The hardest is going to find one that does not have all those annoying flashing modes you have to cycle through each time you turn it on.  I don't know why that's so popular.  |O

I want to look at making my own flashlight.  An 18650 cell fits perfectly in 3/4" copper pipe, that could make a good start. Not sure what I would do for the lens or the end cap, I don't  have any machining tools to do anything fancy.   Another option is to mod a cheap hardware store flash light to use LED.  Those usually have a simple on/off switch.

Because the Chinese recycle chips used in bike lights or emergency lanterns which have warning modes.

Seems odd there arn't alternative chips they can use.  They could probably use chips used in LED bulbs or something.   Wonder if at some point these chips meant for emergency lights just got overproduced and there is a huge abundance of them for dirt cheap or something.  It just seems every single LED 18650 flashlight out there always has those same modes. 
 

Offline BravoV

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Re: The quest to the ideal portable work light
« Reply #15 on: January 19, 2020, 04:42:37 am »
If you're comfortable with 18650 based, and also not just an ON/OFF switch, consider BLF A6 (google for it), its a community designed at Budget Light Forum.

Yes, it cycles thru different brightness levels, "BUT" it does remember the last brightness level it was on, so no annoying pushing the tail switch click-click  >:( , every times when turning it on just to have that damn brightness you used to, or the last one.

Also has some smart things implemented in there, like battery charge level indicator from blink counts and many others, all thru the tail end clicky switch only, and relatively affordable too, less than $20.


Online tautech

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Re: The quest to the ideal portable work light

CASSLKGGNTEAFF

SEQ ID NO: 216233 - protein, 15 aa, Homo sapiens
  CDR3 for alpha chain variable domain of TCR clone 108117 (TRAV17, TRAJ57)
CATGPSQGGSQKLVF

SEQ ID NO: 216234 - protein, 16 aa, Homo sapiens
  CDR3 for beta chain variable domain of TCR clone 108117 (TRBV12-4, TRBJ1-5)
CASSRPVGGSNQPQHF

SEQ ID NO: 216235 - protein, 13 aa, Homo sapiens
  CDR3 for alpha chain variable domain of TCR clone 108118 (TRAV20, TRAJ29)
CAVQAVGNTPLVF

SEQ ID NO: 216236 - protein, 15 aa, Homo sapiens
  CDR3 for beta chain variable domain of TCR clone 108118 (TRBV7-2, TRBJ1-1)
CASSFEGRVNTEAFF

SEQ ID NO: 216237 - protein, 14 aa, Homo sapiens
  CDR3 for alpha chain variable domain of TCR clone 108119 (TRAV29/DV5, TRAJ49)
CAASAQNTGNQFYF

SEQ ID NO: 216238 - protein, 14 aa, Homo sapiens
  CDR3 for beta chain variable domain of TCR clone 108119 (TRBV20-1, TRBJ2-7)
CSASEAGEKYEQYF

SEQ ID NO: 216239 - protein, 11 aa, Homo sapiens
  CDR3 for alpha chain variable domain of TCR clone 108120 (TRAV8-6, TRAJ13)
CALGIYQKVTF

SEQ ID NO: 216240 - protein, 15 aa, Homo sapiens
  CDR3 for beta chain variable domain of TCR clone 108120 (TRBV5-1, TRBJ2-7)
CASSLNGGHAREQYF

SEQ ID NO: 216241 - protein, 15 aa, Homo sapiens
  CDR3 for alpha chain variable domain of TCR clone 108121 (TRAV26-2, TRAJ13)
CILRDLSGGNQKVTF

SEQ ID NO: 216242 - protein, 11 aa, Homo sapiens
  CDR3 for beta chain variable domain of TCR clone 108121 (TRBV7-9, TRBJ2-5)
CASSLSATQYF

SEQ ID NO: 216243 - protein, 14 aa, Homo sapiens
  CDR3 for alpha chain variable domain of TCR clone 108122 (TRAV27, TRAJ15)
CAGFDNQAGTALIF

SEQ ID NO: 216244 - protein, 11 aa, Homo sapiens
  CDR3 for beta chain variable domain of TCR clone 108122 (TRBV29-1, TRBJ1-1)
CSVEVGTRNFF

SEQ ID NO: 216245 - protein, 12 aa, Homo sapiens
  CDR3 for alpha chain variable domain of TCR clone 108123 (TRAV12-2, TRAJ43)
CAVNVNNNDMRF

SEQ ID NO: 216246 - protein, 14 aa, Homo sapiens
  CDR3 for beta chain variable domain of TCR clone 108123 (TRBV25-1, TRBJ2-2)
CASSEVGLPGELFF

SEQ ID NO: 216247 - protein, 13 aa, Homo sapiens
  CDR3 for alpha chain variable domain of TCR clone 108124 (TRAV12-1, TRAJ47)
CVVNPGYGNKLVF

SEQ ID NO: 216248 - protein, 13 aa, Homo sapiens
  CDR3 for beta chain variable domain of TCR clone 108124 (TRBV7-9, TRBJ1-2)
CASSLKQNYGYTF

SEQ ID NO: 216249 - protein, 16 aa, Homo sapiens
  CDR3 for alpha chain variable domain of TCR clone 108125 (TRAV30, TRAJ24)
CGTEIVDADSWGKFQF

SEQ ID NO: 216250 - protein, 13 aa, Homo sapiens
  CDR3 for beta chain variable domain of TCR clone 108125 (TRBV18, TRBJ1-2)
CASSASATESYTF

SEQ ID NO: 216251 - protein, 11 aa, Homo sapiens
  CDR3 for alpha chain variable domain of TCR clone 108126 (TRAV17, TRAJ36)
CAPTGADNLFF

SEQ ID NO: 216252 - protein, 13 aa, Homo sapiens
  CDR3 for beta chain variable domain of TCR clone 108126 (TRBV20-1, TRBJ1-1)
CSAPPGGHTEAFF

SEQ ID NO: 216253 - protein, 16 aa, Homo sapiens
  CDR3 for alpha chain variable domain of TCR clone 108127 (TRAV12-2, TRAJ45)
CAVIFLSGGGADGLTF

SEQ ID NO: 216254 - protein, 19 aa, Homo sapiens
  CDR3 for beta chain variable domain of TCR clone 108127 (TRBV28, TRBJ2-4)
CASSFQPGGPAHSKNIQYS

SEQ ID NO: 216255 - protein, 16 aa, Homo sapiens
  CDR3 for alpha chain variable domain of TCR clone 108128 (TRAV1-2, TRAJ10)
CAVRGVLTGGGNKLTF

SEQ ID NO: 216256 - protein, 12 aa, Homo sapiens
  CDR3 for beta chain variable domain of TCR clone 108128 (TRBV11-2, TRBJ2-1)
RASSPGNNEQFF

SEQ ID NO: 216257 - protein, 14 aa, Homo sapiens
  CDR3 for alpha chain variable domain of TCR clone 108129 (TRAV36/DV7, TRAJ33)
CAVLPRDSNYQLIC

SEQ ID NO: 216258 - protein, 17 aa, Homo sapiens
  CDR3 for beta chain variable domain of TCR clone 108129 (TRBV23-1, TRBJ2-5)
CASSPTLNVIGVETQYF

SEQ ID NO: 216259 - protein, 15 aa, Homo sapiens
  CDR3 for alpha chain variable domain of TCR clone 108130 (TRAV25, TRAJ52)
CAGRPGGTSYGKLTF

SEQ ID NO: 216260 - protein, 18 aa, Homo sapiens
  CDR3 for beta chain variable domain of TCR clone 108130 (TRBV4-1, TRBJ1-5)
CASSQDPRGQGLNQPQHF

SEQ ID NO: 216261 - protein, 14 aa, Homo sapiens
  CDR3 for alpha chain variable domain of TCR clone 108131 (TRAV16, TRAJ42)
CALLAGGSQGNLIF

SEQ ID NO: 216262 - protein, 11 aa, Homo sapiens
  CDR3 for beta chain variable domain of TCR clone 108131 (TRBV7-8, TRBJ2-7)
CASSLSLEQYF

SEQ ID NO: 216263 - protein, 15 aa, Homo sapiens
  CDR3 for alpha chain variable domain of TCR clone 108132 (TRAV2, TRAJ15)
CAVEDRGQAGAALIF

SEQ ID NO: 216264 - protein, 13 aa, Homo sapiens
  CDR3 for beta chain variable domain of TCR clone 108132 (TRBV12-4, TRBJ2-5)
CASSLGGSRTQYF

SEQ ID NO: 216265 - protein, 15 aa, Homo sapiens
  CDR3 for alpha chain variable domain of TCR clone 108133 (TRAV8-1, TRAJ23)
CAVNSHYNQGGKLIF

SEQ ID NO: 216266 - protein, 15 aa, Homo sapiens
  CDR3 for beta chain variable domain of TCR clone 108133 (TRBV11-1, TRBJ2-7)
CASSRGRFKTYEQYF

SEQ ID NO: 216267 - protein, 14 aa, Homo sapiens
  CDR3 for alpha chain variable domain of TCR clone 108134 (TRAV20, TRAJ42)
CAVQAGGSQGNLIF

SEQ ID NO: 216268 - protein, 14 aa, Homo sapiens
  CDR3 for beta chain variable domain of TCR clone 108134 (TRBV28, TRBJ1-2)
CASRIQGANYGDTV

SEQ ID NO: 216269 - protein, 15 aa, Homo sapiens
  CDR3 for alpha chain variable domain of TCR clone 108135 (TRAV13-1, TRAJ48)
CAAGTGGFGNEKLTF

« Reply #16 on: January 19, 2020, 04:46:56 am »
I got a nice Led Lenser headlamp as a gift from my son and while I've had a few over the years not had one as nice as this.
https://www.ledlenser.com/en/products/headlamps/seo-series/seo7r
Comes with AAA batteries and a LiPo rechargeable.
Focusable beam and a few lighting modes that when first fiddled with you think WTF, do I have to toggle through all these each time I want to turn it off but no, after a little time in each mode just a single press turns it off.  :phew:
About time someone used their brains in multimode products !  :clap:
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Offline james_s

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Re: The quest to the ideal portable work light
« Reply #17 on: January 19, 2020, 05:00:44 am »
My main worklight is a little box thing with a kickstand and a powerful COB LED. It uses a built in Li-ion battery which goes against your requirements but I think AA batteries would be hopeless in such a light, and it would be more difficult to make it waterproof.

I also have a selection of handheld flashlights from a single AA unit up to a modified 3-D cell Maglight running 32650 lithium cells.
 

Offline password

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Re: The quest to the ideal portable work light